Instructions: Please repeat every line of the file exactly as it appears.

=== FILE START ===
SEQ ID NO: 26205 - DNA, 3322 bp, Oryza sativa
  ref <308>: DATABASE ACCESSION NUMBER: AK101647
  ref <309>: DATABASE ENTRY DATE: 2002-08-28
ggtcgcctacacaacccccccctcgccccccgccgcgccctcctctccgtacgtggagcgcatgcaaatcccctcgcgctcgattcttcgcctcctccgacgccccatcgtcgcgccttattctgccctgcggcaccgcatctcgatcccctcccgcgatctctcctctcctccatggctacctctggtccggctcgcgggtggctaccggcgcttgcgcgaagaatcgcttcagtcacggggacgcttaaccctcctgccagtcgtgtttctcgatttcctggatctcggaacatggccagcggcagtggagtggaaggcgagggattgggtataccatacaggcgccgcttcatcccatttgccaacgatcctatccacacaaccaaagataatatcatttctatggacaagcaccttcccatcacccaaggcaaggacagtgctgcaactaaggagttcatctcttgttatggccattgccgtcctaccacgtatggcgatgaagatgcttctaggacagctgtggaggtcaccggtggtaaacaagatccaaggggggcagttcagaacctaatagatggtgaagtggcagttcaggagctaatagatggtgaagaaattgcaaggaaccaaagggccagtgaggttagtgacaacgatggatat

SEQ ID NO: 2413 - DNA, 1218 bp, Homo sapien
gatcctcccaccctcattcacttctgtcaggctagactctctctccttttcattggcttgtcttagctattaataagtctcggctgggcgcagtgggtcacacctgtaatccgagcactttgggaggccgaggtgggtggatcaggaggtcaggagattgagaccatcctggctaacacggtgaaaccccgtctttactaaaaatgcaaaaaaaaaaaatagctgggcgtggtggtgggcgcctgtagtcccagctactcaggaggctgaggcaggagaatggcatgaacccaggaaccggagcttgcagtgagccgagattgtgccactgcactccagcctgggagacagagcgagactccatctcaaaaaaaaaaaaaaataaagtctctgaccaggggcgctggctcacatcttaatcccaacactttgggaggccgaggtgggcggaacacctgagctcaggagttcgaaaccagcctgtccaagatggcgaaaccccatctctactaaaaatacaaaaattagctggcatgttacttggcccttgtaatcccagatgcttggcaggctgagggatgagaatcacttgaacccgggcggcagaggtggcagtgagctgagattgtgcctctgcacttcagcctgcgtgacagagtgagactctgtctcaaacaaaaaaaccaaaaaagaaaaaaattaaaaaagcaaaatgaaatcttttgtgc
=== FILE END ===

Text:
SEQ ID NO: 26205 - DNA, 3322 bp, Oryza sativa
  ref <308>: DATABASE ACCESSION NUMBER: AK101647
  ref <309>: DATABASE ENTRY DATE: 2002-08-28
ggtcgcctacacaacccccccctcgccccccgccgcgccctcctctccgtacgtggagcgcatgcaaatcccctcgcgctcgattcttcgcctcctccgacgccccatcgtcgcgccttattctgccctgcggcaccgcatctcgatcccctcccgcgatctctcctctcctccatggctacctctggtccggctcgcgggtggctaccggcgcttgcgcgaagaatcgcttcagtcacggggacgcttaaccctcctgccagtcgtgtttctcgatttcctggatctcggaacatggccagcggcagtggagtggaaggcgagggattgggtataccatacaggcgccgcttcatcccatttgccaacgatcctatccacacaaccaaagataatatcatttctatggacaagcaccttcccatcacccaaggcaaggacagtgctgcaactaaggagttcatctcttgttatggccattgccgtcctaccacgtatggcgatgaagatgcttctaggacagctgtggaggtcaccggtggtaaacaagatccaaggggggcagttcagaacctaatagatggtgaagtggcagttcaggagctaatagatggtgaagaaattgcaaggaaccaaagggccagtgaggttagtgacaacgatggatat

SEQ ID NO: 2413 - DNA, 1218 bp, Homo sapien
gatcctcccaccctcattcacttctgtcaggctagactctctctccttttcattggcttgtcttagctattaataagtctcggctgggcgcagtgggtcacacctgtaatccgagcactttgggaggccgaggtgggtggatcaggaggtcaggagattgagaccatcctggctaacacggtgaaaccccgtctttactaaaaatgcaaaaaaaaaaaatagctgggcgtggtggtgggcgcctgtagtcccagctactcaggaggctgaggcaggagaatggcatgaacccaggaaccggagcttgcagtgagccgagattgtgccactgcactccagcctgggagacagagcgagactccatctcaaaaaaaaaaaaaaataaagtctctgaccaggggcgctggctcacatcttaatcccaacactttgggaggccgaggtgggcggaacacctgagctcaggagttcgaaaccagcctgtccaagatggcgaaaccccatctctactaaaaatacaaaaattagctggcatgttacttggcccttgtaatcccagatgcttggcaggctgagggatgagaatcacttgaacccgggcggcagaggtggcagtgagctgagattgtgcctctgcacttcagcctgcgtgacagagtgagactctgtctcaaacaaaaaaaccaaaaaagaaaaaaattaaaaaagcaaaatgaaatcttttgtgc